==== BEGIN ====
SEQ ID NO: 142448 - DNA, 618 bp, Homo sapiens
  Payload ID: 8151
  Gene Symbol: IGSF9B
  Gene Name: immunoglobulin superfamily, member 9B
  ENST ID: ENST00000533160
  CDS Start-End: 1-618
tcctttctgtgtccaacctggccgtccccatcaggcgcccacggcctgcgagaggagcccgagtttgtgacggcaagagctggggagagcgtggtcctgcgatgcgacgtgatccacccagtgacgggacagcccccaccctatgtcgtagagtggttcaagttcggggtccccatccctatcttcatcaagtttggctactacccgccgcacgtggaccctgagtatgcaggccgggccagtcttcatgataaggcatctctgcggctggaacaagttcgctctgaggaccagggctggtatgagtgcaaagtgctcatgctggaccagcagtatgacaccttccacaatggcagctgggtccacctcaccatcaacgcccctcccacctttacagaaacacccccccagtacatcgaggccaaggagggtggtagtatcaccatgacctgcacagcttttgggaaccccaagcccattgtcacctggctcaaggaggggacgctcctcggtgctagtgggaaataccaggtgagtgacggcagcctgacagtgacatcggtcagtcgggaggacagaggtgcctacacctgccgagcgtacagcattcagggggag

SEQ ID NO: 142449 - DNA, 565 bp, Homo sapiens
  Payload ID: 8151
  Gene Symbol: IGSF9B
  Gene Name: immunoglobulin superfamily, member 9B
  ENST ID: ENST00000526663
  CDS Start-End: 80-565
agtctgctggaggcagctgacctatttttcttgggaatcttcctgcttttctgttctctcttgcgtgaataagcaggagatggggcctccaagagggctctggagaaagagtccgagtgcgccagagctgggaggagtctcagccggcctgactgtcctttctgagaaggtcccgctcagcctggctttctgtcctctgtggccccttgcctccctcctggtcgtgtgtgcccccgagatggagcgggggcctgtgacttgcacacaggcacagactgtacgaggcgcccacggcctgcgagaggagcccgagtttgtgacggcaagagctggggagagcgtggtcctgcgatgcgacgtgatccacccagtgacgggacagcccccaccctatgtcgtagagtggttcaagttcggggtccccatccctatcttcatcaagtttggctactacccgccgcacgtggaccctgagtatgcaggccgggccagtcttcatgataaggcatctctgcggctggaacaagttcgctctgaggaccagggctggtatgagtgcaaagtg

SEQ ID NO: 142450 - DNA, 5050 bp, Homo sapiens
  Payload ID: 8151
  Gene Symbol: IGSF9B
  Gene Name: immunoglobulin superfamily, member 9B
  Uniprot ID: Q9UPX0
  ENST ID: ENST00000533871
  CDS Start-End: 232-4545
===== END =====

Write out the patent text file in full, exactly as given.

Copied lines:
SEQ ID NO: 142448 - DNA, 618 bp, Homo sapiens
  Payload ID: 8151
  Gene Symbol: IGSF9B
  Gene Name: immunoglobulin superfamily, member 9B
  ENST ID: ENST00000533160
  CDS Start-End: 1-618
tcctttctgtgtccaacctggccgtccccatcaggcgcccacggcctgcgagaggagcccgagtttgtgacggcaagagctggggagagcgtggtcctgcgatgcgacgtgatccacccagtgacgggacagcccccaccctatgtcgtagagtggttcaagttcggggtccccatccctatcttcatcaagtttggctactacccgccgcacgtggaccctgagtatgcaggccgggccagtcttcatgataaggcatctctgcggctggaacaagttcgctctgaggaccagggctggtatgagtgcaaagtgctcatgctggaccagcagtatgacaccttccacaatggcagctgggtccacctcaccatcaacgcccctcccacctttacagaaacacccccccagtacatcgaggccaaggagggtggtagtatcaccatgacctgcacagcttttgggaaccccaagcccattgtcacctggctcaaggaggggacgctcctcggtgctagtgggaaataccaggtgagtgacggcagcctgacagtgacatcggtcagtcgggaggacagaggtgcctacacctgccgagcgtacagcattcagggggag

SEQ ID NO: 142449 - DNA, 565 bp, Homo sapiens
  Payload ID: 8151
  Gene Symbol: IGSF9B
  Gene Name: immunoglobulin superfamily, member 9B
  ENST ID: ENST00000526663
  CDS Start-End: 80-565
agtctgctggaggcagctgacctatttttcttgggaatcttcctgcttttctgttctctcttgcgtgaataagcaggagatggggcctccaagagggctctggagaaagagtccgagtgcgccagagctgggaggagtctcagccggcctgactgtcctttctgagaaggtcccgctcagcctggctttctgtcctctgtggccccttgcctccctcctggtcgtgtgtgcccccgagatggagcgggggcctgtgacttgcacacaggcacagactgtacgaggcgcccacggcctgcgagaggagcccgagtttgtgacggcaagagctggggagagcgtggtcctgcgatgcgacgtgatccacccagtgacgggacagcccccaccctatgtcgtagagtggttcaagttcggggtccccatccctatcttcatcaagtttggctactacccgccgcacgtggaccctgagtatgcaggccgggccagtcttcatgataaggcatctctgcggctggaacaagttcgctctgaggaccagggctggtatgagtgcaaagtg

SEQ ID NO: 142450 - DNA, 5050 bp, Homo sapiens
  Payload ID: 8151
  Gene Symbol: IGSF9B
  Gene Name: immunoglobulin superfamily, member 9B
  Uniprot ID: Q9UPX0
  ENST ID: ENST00000533871
  CDS Start-End: 232-4545